We Can Do Without Edgar Wright’s Hypocrisy

Being a musician, I’m always interested in fellow artists who chart their own path and create music that is truly representative of their unique world—not derivative of what is “hot” at the time or purely motivated by a desire for broad acceptance.

That’s why I found myself intrigued by an article in the Philadelphia Inquirer about an upcoming film directed by Edgar Wright on a group called Sparks.

Edgar Wright
Director Edgar Wright (Photo by Matteo Chinellato/Shutterstock.com)

The biopic is about two brothers who have had long careers in pop music while remaining fiercely independent and uniquely creative. I quickly went to YouTube to watch the trailer for the film and put it on a mental checklist to see this fall.

But as I read on, I was disappointed to see Wright toss in a bigoted and ignorant aside about the founder of Scientology.

In the ham-fisted analogy Wright used, he could have just as easily tossed in another name, instead of L. Ron Hubbard. 

The question before the jury today is: why did he choose that particular name?

And the answer is: he did it because he felt that that particular religious figure and the religion he founded were the last acceptable refuge of bigotry. Here is a group that, according to Wright, it is still “safe” to malign.

Oddly enough, the whole idea of the Sparks movie was to depict a group that had charted its own course and was truly unique. Wright embraces that principle in the realm of music, but denigrates it when it comes to philosophy and religion.

The question before the jury today is: why did he choose that particular name?

Scientology is a new religion, born in the 1950s. It answers the questions all religions tackle, has been recognized as a religion by governments across the globe, and has millions of followers internationally.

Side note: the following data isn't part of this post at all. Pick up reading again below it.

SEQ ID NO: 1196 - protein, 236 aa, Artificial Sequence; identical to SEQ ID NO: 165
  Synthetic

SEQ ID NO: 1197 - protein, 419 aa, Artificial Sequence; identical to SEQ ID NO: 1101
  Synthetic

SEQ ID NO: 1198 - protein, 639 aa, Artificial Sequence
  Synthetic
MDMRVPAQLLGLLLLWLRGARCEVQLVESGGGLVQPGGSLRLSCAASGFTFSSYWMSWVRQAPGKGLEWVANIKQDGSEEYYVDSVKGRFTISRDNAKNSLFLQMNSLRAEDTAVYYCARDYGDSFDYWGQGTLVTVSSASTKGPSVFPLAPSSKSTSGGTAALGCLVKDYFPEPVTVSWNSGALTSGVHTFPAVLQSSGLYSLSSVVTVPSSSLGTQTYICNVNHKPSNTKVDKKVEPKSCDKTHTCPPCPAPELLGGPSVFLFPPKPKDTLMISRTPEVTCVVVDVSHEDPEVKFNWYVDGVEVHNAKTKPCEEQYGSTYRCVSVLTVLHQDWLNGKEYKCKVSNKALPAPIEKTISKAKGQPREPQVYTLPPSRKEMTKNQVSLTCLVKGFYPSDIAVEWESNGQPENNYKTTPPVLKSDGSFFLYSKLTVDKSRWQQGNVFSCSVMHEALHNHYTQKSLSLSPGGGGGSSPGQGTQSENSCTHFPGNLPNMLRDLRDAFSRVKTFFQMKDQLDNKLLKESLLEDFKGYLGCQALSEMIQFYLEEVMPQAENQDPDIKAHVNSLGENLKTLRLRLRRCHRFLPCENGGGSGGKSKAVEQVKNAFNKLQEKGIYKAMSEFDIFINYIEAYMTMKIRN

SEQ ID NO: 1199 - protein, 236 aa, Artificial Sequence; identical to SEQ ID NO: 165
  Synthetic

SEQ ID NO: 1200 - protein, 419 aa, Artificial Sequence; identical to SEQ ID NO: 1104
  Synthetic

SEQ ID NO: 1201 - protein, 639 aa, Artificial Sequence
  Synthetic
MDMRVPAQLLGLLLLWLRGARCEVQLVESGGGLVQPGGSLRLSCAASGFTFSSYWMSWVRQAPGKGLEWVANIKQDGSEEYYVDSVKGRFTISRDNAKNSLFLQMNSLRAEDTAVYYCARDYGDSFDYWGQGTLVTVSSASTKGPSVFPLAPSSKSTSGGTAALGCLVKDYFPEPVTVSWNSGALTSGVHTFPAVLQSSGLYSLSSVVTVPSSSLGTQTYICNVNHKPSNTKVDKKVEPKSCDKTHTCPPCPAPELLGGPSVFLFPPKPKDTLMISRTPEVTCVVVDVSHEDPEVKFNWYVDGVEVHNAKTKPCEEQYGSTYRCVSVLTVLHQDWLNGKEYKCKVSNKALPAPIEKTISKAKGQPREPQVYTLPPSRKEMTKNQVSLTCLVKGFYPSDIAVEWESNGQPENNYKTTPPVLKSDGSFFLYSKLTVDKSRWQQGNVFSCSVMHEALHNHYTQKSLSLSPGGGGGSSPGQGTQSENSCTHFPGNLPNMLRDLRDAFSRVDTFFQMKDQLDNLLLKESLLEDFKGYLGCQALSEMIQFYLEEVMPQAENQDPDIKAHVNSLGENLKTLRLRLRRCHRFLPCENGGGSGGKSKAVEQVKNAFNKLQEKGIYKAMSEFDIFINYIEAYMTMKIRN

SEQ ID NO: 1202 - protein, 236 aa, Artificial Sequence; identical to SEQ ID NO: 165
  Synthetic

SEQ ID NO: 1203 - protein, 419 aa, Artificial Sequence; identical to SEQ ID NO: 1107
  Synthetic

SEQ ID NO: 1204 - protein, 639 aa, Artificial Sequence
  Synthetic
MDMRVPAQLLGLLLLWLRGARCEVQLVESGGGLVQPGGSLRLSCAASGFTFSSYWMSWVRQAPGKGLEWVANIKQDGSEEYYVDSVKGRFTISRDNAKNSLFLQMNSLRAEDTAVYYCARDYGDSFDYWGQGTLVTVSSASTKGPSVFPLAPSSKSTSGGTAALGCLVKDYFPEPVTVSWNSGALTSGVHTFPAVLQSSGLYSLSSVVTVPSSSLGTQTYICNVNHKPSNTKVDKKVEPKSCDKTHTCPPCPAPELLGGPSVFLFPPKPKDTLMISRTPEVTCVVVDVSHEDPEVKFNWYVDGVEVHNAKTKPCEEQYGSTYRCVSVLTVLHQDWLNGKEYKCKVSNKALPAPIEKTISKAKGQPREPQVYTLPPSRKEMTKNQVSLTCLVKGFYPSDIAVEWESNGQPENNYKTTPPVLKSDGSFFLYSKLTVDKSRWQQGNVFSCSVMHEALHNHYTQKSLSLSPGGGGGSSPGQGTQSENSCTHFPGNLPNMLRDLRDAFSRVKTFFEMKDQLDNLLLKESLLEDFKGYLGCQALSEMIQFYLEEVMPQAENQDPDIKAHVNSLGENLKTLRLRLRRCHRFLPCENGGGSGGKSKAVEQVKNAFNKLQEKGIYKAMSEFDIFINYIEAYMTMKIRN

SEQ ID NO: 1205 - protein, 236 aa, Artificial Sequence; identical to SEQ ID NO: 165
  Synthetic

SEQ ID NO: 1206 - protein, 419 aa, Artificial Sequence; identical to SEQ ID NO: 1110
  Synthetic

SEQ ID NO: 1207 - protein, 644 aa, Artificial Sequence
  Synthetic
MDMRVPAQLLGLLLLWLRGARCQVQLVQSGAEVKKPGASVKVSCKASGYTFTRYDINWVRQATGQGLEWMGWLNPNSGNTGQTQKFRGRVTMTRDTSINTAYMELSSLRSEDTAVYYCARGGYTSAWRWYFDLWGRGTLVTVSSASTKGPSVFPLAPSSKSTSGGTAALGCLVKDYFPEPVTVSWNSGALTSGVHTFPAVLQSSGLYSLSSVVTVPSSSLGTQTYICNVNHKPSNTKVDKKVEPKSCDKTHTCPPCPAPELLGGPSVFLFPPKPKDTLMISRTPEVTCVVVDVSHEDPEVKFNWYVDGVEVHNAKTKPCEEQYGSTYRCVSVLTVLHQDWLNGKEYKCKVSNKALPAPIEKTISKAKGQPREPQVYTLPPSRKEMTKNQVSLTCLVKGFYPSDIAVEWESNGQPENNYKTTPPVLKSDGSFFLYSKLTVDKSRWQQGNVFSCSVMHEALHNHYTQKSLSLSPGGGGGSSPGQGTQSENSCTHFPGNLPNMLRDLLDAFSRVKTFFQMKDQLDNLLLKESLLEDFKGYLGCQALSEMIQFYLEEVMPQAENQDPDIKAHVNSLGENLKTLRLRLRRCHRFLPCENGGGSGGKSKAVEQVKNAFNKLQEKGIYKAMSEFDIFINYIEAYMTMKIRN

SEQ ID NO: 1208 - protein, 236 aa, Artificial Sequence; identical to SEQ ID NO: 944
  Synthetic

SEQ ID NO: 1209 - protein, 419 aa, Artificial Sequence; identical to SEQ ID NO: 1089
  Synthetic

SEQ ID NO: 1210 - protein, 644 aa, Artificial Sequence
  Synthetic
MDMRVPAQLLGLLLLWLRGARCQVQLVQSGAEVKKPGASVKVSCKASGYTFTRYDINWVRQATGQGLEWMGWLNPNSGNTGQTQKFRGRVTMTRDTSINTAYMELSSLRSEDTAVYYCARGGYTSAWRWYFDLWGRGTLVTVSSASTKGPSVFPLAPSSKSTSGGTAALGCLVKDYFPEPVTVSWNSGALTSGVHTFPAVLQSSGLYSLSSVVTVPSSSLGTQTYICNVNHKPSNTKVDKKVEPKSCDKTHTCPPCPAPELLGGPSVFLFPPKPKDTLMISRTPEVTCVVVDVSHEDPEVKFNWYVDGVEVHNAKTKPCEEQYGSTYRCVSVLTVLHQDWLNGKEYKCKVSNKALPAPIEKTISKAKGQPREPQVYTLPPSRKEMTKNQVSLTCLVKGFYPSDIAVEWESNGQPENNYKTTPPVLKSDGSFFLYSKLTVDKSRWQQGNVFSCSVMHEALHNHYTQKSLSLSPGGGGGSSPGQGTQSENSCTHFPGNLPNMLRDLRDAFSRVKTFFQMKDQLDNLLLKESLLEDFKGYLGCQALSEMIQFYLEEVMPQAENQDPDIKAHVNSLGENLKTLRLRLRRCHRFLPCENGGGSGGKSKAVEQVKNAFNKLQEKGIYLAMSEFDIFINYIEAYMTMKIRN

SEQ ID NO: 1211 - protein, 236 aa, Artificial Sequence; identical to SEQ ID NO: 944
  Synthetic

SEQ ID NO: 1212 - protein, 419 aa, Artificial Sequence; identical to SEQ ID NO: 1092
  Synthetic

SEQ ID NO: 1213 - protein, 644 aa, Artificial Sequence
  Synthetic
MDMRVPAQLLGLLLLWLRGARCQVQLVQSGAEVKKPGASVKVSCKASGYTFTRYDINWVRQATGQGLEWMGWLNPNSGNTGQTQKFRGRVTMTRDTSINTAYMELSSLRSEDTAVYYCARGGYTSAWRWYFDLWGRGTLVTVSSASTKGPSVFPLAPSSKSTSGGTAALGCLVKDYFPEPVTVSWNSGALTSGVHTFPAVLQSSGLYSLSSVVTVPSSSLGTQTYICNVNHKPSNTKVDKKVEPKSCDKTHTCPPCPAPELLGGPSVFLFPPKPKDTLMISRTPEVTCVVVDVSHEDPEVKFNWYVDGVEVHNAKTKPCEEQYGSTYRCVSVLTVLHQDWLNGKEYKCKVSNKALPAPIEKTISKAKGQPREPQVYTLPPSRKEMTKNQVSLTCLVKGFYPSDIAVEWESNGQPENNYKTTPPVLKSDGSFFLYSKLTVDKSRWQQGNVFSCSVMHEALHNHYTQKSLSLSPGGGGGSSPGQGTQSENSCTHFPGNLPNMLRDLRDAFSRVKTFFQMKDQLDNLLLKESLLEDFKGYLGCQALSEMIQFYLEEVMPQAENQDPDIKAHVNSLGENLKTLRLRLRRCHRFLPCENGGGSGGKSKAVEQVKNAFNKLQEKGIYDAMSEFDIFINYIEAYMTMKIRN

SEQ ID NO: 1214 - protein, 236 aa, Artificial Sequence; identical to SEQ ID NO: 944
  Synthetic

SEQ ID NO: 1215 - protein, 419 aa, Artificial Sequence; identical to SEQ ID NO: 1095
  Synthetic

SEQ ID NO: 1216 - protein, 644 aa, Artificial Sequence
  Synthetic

So besides making somewhat of a hypocrite out of him, Wright’s convoluted analogy doesn’t even apply.

Here is my newsflash for Mr. Wright: Scientology, its founder and its members like me are not throw-away punch lines in your—or anyone else’s—failed attempts at being funny.

Sure Scientology is different, but all great movements are. It’s unique, with its own highly practical, yet spiritual, view of life. Many millions of people embrace and use it. They deserve respect.

Truly great musicians, artists and philosophies are unique, not derivative. 

Despite Wright’s bigoted aside, I think I will check out the movie. I always enjoy something that represents a fresh view.

It’s why I’ve been a Scientologist for over 40 years.

Roger Harrison
Roger operates professionally as a jazz piano player, singer, voice-over artist and bandleader. He is passionate about the importance of religious freedom and the dangers of religious bigotry.